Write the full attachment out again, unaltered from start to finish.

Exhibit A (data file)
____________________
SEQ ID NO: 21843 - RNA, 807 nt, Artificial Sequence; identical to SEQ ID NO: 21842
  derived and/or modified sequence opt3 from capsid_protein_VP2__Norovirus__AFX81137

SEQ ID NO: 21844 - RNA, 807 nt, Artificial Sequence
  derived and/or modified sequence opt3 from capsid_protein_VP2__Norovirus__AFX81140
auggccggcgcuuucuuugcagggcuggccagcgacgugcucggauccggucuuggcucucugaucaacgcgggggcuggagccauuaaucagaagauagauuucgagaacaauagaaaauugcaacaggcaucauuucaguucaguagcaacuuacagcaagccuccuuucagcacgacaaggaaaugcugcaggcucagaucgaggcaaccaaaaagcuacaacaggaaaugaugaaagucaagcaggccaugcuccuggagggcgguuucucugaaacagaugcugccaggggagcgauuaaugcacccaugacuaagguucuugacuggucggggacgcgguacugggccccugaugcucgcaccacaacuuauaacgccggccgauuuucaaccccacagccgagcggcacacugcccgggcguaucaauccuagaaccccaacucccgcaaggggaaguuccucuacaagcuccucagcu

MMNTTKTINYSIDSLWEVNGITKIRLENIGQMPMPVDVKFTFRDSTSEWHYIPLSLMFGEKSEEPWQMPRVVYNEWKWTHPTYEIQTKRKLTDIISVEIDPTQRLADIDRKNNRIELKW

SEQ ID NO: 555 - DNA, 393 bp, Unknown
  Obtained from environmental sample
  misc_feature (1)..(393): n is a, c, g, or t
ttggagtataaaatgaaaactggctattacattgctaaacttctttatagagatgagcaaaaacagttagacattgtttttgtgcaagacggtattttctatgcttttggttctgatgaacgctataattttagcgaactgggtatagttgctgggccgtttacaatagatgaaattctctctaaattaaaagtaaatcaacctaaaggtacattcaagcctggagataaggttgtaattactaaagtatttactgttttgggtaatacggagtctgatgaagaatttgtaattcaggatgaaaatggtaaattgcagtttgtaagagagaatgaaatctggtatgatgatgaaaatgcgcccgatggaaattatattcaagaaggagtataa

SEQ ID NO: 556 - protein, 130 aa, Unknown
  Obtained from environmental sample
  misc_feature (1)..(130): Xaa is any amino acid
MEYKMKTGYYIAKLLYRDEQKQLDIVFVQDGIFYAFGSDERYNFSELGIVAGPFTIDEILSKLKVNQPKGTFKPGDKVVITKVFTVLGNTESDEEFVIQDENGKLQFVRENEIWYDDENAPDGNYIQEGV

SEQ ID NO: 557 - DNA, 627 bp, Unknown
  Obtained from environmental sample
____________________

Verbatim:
SEQ ID NO: 21843 - RNA, 807 nt, Artificial Sequence; identical to SEQ ID NO: 21842
  derived and/or modified sequence opt3 from capsid_protein_VP2__Norovirus__AFX81137

SEQ ID NO: 21844 - RNA, 807 nt, Artificial Sequence
  derived and/or modified sequence opt3 from capsid_protein_VP2__Norovirus__AFX81140
auggccggcgcuuucuuugcagggcuggccagcgacgugcucggauccggucuuggcucucugaucaacgcgggggcuggagccauuaaucagaagauagauuucgagaacaauagaaaauugcaacaggcaucauuucaguucaguagcaacuuacagcaagccuccuuucagcacgacaaggaaaugcugcaggcucagaucgaggcaaccaaaaagcuacaacaggaaaugaugaaagucaagcaggccaugcuccuggagggcgguuucucugaaacagaugcugccaggggagcgauuaaugcacccaugacuaagguucuugacuggucggggacgcgguacugggccccugaugcucgcaccacaacuuauaacgccggccgauuuucaaccccacagccgagcggcacacugcccgggcguaucaauccuagaaccccaacucccgcaaggggaaguuccucuacaagcuccucagcu

MMNTTKTINYSIDSLWEVNGITKIRLENIGQMPMPVDVKFTFRDSTSEWHYIPLSLMFGEKSEEPWQMPRVVYNEWKWTHPTYEIQTKRKLTDIISVEIDPTQRLADIDRKNNRIELKW

SEQ ID NO: 555 - DNA, 393 bp, Unknown
  Obtained from environmental sample
  misc_feature (1)..(393): n is a, c, g, or t
ttggagtataaaatgaaaactggctattacattgctaaacttctttatagagatgagcaaaaacagttagacattgtttttgtgcaagacggtattttctatgcttttggttctgatgaacgctataattttagcgaactgggtatagttgctgggccgtttacaatagatgaaattctctctaaattaaaagtaaatcaacctaaaggtacattcaagcctggagataaggttgtaattactaaagtatttactgttttgggtaatacggagtctgatgaagaatttgtaattcaggatgaaaatggtaaattgcagtttgtaagagagaatgaaatctggtatgatgatgaaaatgcgcccgatggaaattatattcaagaaggagtataa

SEQ ID NO: 556 - protein, 130 aa, Unknown
  Obtained from environmental sample
  misc_feature (1)..(130): Xaa is any amino acid
MEYKMKTGYYIAKLLYRDEQKQLDIVFVQDGIFYAFGSDERYNFSELGIVAGPFTIDEILSKLKVNQPKGTFKPGDKVVITKVFTVLGNTESDEEFVIQDENGKLQFVRENEIWYDDENAPDGNYIQEGV

SEQ ID NO: 557 - DNA, 627 bp, Unknown
  Obtained from environmental sample